Biology of Fly Fishing - Part 1

8 CommentsFriday, 30 November 2018  |  Paul G

Biology of Fly Fishing: Part 1 of "A Biohacker's Guide"

So much conventional wisdom and information in fly fishing ignores basic knowledge that has been around for decades in the science of animal behavior. 

Surprisingly, it can be a huge short-cut to discover how visual predators (including trout) recognize "food". This can save a lot of the leg work (and space in your brain!) that's involved with learning fly fishing flies and tactics fact-by-fact. You can now get this full strategy via our Amazon Affiliate links (for which we earn commissions that subsidise our site and YouTube Channel) for both Digital and Physical versions of the book "How to Fool Fish with Simple Flies":

Kindle version:

8" x 10" Full Colour Print Book:

Here's the first episode that lays out the foundations:

Catch Up on Other Episodes in this Series

Click for Episode 2

Click for Episode 3

Click for Episode 4 (Finale)

Fast Track Biology for Fly Fishing

The entire basis of fly fishing is to fool a fish into accepting your (entirely artificial) fly pattern as if it were genuine prey. Because of this, the whole activity boils down to "hotwiring" the systems that fish normally use to recognize what is worth eating (and how to tell that apart from general crap drifting past!). So, while you don't have to throw out what you know already, you can help to make your knowledge more effective by looking at it in the light of some extra biological info...

To Get The Full Picture - Check out our Special Biohacker's Email Tutorial Series and Subscribe using the Form Below:






Eberhard Scheibe
Saturday, 1 December 2018  |  12:12

Entertainment, Learning and working on some "things" I haven't thought on before. Some details I have noticed before are coming out of my old brain. I'm a retired student. Thanks fo your stuff.

Paul G
Saturday, 1 December 2018  |  12:34

Thank you too Eberhard - I am sure that you're being too modest :)


Paul Procter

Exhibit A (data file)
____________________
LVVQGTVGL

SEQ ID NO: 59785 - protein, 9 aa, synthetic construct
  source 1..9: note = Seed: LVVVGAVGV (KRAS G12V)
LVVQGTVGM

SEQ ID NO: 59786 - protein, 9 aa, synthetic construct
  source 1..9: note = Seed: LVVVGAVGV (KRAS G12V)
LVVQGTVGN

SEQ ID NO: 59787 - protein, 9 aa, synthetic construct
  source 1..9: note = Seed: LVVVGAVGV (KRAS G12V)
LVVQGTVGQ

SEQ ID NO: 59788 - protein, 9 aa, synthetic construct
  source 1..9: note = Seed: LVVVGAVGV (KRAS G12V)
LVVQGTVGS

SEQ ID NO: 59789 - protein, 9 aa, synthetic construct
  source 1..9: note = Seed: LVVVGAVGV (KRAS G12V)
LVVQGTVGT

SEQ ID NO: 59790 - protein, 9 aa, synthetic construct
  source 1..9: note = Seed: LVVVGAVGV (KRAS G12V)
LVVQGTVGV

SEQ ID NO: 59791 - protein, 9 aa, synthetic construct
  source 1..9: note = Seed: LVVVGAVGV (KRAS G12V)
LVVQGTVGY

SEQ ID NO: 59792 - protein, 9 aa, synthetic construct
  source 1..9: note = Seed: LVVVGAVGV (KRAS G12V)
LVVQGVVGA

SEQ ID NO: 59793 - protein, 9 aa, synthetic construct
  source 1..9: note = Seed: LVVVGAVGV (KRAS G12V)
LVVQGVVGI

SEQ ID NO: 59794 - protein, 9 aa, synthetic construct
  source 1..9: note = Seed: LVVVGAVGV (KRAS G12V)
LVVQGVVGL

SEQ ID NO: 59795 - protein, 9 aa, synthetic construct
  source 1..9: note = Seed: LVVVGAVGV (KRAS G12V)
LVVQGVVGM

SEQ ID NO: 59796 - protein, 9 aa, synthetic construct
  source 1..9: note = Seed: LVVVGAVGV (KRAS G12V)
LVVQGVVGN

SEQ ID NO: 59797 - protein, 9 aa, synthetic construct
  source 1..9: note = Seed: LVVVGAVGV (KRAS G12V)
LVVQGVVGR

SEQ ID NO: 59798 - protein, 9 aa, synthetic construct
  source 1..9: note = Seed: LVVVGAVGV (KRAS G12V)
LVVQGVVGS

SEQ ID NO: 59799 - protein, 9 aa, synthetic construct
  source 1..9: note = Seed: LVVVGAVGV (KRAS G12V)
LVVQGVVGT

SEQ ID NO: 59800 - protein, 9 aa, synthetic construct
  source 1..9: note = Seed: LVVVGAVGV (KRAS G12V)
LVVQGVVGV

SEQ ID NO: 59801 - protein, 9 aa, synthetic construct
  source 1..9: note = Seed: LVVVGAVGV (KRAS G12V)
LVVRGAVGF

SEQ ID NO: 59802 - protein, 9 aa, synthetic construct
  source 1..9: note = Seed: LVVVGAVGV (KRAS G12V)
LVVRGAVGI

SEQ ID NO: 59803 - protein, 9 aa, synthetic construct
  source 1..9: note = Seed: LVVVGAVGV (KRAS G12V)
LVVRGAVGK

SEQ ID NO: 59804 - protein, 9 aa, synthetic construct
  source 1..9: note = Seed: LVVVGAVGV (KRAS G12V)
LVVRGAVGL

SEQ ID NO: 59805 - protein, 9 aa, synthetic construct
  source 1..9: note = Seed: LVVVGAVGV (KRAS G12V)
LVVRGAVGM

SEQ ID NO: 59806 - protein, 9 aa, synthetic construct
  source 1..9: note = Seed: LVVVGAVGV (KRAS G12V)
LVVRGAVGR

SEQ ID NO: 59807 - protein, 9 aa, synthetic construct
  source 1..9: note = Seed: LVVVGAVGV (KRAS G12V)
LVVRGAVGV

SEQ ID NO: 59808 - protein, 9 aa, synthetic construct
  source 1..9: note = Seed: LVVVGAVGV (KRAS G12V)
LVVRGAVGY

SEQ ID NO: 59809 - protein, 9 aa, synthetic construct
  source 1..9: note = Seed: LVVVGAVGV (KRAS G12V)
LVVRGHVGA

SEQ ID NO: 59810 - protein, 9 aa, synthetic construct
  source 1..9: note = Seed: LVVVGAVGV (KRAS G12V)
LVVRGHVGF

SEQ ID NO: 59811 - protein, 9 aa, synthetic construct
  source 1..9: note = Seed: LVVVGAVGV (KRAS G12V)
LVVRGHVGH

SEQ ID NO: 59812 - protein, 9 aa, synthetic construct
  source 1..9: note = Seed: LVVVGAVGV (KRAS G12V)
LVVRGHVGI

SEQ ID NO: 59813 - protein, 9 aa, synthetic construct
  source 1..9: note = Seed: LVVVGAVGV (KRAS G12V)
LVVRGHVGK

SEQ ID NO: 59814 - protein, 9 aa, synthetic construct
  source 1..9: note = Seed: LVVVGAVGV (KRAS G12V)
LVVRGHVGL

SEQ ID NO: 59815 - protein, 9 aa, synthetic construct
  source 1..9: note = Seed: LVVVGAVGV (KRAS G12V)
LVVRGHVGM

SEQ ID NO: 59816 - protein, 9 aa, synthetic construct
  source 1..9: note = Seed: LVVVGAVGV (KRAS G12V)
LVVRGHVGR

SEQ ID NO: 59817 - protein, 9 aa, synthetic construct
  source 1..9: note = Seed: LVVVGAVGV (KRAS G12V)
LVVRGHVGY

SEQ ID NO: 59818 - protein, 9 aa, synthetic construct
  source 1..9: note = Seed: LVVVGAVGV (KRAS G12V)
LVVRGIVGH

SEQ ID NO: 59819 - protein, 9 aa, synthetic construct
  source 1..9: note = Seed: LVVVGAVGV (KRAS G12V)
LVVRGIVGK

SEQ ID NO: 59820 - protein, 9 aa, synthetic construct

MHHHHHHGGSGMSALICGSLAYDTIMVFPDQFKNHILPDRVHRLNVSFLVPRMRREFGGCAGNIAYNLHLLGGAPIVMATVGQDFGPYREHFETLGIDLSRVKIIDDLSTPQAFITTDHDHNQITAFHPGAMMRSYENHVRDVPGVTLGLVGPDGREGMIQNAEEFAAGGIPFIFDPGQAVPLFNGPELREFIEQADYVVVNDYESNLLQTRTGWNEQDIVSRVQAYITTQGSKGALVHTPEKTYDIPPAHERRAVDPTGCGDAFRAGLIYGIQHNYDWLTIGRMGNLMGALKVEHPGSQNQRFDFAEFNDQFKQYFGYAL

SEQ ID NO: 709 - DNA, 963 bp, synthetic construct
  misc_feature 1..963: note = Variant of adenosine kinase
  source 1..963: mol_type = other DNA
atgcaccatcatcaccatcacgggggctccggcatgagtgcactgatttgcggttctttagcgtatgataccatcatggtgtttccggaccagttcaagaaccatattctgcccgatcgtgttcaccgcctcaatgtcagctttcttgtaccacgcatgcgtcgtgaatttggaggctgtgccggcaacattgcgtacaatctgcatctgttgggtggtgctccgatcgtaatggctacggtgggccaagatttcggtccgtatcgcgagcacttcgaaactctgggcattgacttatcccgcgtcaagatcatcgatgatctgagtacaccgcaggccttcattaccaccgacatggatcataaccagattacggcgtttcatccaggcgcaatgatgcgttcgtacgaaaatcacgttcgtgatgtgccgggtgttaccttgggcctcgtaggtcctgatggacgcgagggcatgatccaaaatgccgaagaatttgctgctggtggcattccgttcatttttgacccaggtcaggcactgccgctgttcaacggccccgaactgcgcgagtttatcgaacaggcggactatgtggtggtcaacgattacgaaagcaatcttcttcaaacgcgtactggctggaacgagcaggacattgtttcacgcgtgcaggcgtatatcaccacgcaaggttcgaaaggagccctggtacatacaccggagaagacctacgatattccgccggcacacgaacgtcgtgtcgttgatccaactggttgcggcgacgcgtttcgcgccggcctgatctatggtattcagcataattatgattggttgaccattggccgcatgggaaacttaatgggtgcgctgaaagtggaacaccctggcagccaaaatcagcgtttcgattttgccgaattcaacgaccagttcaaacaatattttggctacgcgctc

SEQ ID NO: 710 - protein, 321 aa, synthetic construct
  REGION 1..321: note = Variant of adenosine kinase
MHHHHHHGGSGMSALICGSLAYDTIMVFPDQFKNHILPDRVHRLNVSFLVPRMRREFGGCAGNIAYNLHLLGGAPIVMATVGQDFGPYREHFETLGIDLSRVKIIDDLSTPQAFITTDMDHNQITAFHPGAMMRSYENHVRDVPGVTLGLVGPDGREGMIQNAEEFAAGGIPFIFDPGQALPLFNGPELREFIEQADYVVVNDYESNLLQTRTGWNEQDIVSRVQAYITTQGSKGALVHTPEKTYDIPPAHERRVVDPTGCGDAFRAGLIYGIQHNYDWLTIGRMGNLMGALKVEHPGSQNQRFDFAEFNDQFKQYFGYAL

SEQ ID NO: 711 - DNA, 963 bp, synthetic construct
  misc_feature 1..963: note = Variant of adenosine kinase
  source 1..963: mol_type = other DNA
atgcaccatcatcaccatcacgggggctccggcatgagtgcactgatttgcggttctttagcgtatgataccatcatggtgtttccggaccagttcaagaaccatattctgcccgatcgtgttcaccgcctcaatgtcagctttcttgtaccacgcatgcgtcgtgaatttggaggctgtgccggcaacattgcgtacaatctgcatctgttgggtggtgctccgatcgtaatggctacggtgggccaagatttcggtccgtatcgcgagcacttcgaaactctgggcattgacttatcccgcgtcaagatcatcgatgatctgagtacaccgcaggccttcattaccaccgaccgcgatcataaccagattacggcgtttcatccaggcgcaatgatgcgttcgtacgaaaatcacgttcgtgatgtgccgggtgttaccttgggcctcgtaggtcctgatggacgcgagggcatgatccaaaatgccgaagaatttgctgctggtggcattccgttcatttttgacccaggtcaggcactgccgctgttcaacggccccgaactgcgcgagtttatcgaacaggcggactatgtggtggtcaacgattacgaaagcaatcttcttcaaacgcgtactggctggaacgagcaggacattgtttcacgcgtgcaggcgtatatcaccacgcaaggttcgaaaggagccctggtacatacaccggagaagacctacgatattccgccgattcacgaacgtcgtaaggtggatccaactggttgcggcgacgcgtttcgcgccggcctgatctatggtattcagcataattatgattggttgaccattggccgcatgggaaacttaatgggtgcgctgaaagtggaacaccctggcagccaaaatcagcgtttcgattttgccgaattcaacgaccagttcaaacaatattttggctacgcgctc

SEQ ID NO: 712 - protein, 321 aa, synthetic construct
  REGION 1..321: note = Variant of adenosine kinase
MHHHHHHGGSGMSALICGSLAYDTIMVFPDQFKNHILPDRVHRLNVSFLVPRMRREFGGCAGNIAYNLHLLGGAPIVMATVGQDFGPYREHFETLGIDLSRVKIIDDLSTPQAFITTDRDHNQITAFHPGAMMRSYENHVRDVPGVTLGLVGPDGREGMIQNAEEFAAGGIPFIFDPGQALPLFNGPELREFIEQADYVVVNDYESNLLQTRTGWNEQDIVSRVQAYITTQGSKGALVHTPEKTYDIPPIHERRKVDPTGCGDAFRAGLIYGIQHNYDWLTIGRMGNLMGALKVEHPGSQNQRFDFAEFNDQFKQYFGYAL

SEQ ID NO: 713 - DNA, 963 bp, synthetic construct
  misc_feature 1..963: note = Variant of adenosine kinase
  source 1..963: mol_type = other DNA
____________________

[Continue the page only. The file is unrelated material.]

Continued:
Saturday, 1 December 2018  |  12:53 a seasoned fly fisher, in my haste, sometimes I forgot the simplest of lessons which are vitally important, these are eloquently reinforced here by Paul.

Paul G
Saturday, 1 December 2018  |  13:09

Very many thanks Paul - it means a lot to have someone at your outstanding level make those comments.


David Glater
Sunday, 2 December 2018  |  5:07

Looking forward to reading these comments.

Paul Gaskell
Sunday, 2 December 2018  |  20:02

Thanks David - me too!

I think that there'll be lots to talk about on the Biohackers Episode 2 broadcast - because there's so many case study (video and photo) examples of really fun fishing experiences.


Andrew Griffiths
Thursday, 6 December 2018  |  18:12

Hi Paul,
Really enjoyed this, but just a thought:
Re: the bushy fly on the riffle, and the skinny fly on flat - do you think there could be an element of angler biology in there, to accompany the fish biology hack? I am thinking bite detection - easier to detect a take on broken water with a big, bushy fly than a skinny one. I wonder if that may skew one's impressions to some degree? Just a thought.

Paul Gaskell
Thursday, 6 December 2018  |  18:51

Hi Andrew, I'm sure there can be an element of that - especially where the naturals are in that 'medium' size range around 14s and 12s hook sizes. I'd also say there's probably an asymmetry (as long as the cast is accurately covering fish in the broken water). What I mean is, a fly that's a bit too small in rough water is probably a bit more acceptable than a fly that's too big/overdressed in flat water. BUT, if you don't know how close to the fish your small fly is (I.e. if you're having trouble seeing fish taking your fly in rough water, there's little chance you're seeing them take naturals) then why not treat yourself to the added bonus of making your fly both more noticeable to the fish (and you) AND able to "pull" fish from further away (due to better apparent calorific payoff)?

Finally, there is a purely practical consideration that you'll spend more time applying floatant to keep a super sparse dry fly afloat in riffles than with a bushier pattern - possibly including some dry fly yarn/aero-wing or similar. That's an opportunity cost when you could be showing that fly to fish instead of squeezing it out on your drying patch.


PS, broadcasting part 3 live in just over an hour from now on the Tenkara in Focus Facebook page.